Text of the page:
Based on this analysis, we concluded that it didn’t seem feasible to directly reuse any of the existing message broker products or frameworks.

Event Log to the Rescue

As we were first architecting this system, Apache Kafka was getting more and more popular inside Salesforce, and its simplicity and reliability seemed appealing. Kafka does not use a traditional queuing paradigm, but instead arranges events in the form of an immutable time-ordered log. It inspired a breakthrough in our search for a multi-tenant pub/sub architecture — in all the ways that a traditional message queue wouldn’t work for us, the Kafka paradigm seemed to fit the bill.

In this model, events are immutable and are stored on disk in a form of a time-ordered log. Publishers always append at the head of the log. Each newly written event is assigned a new offset — this is the point when its relative order is established. Subscribers can read events at their own pace. If a subscriber has to reconnect, it can supply the “last seen” offset to resume exactly where it left off. To conserve resources, the oldest events can be periodically purged. In this case a subscriber can miss events if it falls behind for more than the retention period.

There are several benefits of this model: each message is stored on disk precisely once, regardless of how many subscribers consume it. Tracking of a subscriber position can be the responsibility of the subscriber, so the broker does not suffer from a state explosion as it services more and more subscribers. Offset-based subscription durability ensures, and even dictates, strict order of events.

What About Schema?

What we’ve been talking about so far might best be described as “temporal decoupling”– a publisher does not have to worry whether a subscriber is available at exactly the same time it wants to publish a message, and a subscriber does not have to worry about temporarily losing a connection (since the messaging infrastructure ensures that the messages are preserved on publish and eventually delivered to subscriber).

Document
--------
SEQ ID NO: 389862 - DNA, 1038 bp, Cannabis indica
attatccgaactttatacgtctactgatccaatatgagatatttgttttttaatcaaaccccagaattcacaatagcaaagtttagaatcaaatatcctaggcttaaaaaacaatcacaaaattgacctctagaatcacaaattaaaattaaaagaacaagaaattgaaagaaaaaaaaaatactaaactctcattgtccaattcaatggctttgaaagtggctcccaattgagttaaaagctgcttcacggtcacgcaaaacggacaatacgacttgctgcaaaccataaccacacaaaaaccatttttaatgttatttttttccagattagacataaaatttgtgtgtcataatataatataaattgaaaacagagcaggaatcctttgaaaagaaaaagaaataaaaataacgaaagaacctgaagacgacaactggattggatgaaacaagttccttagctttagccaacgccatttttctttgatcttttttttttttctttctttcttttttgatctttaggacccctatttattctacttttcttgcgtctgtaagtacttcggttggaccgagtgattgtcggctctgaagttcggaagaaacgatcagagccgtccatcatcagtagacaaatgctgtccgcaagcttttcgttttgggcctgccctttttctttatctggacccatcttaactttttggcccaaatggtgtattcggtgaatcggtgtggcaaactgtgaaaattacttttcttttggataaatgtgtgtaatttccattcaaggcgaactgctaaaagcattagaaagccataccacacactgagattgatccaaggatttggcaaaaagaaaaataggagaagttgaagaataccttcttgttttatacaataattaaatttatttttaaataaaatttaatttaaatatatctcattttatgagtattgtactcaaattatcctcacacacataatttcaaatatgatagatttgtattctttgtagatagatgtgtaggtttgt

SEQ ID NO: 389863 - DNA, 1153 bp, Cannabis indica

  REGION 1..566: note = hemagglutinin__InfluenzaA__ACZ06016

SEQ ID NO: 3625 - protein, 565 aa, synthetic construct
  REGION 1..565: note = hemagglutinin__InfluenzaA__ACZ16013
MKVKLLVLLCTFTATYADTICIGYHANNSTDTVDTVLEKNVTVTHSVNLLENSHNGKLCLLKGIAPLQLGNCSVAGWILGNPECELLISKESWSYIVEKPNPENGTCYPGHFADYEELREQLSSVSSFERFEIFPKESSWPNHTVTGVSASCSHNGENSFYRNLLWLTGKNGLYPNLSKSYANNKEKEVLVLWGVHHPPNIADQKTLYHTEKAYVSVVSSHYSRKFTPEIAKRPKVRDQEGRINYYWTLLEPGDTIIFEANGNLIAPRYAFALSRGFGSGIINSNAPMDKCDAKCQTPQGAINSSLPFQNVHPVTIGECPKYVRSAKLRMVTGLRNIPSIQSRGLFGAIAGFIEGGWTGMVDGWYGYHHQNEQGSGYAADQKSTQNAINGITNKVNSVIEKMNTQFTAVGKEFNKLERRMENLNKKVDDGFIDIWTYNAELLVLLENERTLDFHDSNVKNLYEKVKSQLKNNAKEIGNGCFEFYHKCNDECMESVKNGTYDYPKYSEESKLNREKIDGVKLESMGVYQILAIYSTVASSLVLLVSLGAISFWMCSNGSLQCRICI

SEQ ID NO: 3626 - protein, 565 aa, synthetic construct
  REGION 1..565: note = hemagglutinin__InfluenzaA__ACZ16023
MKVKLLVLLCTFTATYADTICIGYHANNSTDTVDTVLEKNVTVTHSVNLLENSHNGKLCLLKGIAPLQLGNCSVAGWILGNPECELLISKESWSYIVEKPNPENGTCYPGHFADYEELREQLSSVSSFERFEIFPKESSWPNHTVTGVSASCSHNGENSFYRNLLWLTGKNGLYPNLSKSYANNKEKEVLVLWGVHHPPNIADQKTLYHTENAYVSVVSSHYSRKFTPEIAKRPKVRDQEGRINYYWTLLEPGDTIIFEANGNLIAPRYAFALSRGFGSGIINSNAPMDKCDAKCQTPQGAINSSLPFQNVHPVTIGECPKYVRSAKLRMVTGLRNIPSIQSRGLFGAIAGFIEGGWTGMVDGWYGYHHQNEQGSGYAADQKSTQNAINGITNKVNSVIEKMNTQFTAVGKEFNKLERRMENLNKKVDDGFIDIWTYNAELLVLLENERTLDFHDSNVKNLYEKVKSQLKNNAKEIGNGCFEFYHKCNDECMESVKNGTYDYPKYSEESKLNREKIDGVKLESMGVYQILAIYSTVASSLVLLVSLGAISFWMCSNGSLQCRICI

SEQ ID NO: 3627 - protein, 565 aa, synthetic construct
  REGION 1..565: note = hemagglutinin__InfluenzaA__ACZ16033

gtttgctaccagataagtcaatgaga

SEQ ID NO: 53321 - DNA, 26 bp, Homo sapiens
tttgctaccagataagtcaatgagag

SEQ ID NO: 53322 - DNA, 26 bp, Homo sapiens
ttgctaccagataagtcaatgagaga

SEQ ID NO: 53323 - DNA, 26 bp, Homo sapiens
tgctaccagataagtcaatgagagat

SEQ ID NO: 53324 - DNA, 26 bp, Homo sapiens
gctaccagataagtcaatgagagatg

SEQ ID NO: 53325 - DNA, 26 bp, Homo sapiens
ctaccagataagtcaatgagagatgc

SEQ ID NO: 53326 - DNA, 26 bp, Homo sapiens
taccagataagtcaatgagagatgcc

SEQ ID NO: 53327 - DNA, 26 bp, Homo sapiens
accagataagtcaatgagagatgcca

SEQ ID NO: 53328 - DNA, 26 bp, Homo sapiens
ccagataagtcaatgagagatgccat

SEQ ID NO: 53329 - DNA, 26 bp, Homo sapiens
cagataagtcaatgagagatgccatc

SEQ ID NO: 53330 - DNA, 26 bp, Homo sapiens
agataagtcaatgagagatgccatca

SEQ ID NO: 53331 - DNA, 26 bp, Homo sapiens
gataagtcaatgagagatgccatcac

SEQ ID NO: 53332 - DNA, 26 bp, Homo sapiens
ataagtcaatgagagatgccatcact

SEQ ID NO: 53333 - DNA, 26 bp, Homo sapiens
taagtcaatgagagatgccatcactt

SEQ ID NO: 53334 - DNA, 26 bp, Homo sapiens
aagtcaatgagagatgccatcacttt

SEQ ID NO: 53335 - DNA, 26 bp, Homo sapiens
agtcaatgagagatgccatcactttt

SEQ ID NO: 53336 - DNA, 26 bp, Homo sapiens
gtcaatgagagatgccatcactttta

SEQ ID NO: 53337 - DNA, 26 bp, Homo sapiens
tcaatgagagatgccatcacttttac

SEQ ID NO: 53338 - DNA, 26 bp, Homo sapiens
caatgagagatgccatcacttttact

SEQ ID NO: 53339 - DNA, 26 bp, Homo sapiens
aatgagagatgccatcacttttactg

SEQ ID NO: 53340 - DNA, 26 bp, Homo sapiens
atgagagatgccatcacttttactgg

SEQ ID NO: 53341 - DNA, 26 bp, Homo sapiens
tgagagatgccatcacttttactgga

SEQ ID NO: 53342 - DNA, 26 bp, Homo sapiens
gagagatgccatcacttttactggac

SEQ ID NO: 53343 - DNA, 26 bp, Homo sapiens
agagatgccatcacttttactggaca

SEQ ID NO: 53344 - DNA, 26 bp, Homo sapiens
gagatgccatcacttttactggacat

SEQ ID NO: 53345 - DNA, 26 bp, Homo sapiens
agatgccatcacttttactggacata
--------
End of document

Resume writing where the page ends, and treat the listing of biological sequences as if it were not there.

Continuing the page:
But what about the contents of the message? If the publisher and subscriber need to agree on exactly how the message is formatted, it creates a different kind of logical coupling that might be just as bad: a private handshake that limits the growth of the system over time, and forces pairs of consumers and producers to directly depend on each others’ implementations.

Our solution is to have all participants in the system share a metadata repository that allows publishers and subscribers to evolve completely independently! You can think of it like this: a service might have a “story” to tell to the rest of the world. So it frames that story in a schema, and starts placing events of that schema on a topic. As long as the schema is published in the metadata repository, subscribers can discover the new message types and start listening to them completely independently from the publisher. A metadata repository, and an associated discovery mechanism, enables application lifecycle decoupling, which works well for large-scale integrations in the enterprise systems.

It turned out that the Salesforce Platform’s rich metadata management layer works well for event metadata, too! Events can be defined as custom entities and their custom definitions can be used as a schema for event serialization and consumption by the subscribers. So, this acts as our schema repository, and it comes with all the design tools, packaging and integration that Salesforce has built over time to power sharing apps in our ecosystem (with the AppExchange). In addition, we translate event definitions to Apache Avro so subscribers can consume events in this highly efficient serialization format with libraries in many language environments.

Platform Events are Time-Ordered and Metadata Driven

So, to sum up, Platform Events combine the elegance of a time-ordered event log with the power of Salesforce’s metadata layer.

Events are defined just like custom objects. Subscribers can discover and describe them in the same ways as any other metadata: in the Salesforce Setup, Development Console, via DescribeTooling, or the Metadata API. Subscribers can tap into the topics on the platform via Event Apex Triggers, Process or Visual Flow. For external integrations, topics are exposed via the Salesforce Streaming API. Publishers can live within the platform: Lightning, Apex and Visual Flow can send platform events. External publishers can use any form of SObject API that can save an SObject — Platform Events are first-class Salesforce Objects after all!

By building on Kafka and the Salesforce metadata system, we were able to add enterprise-ready, event-driven layer that has delivery and ordering guarantees, all the while living securely within our multitenant system!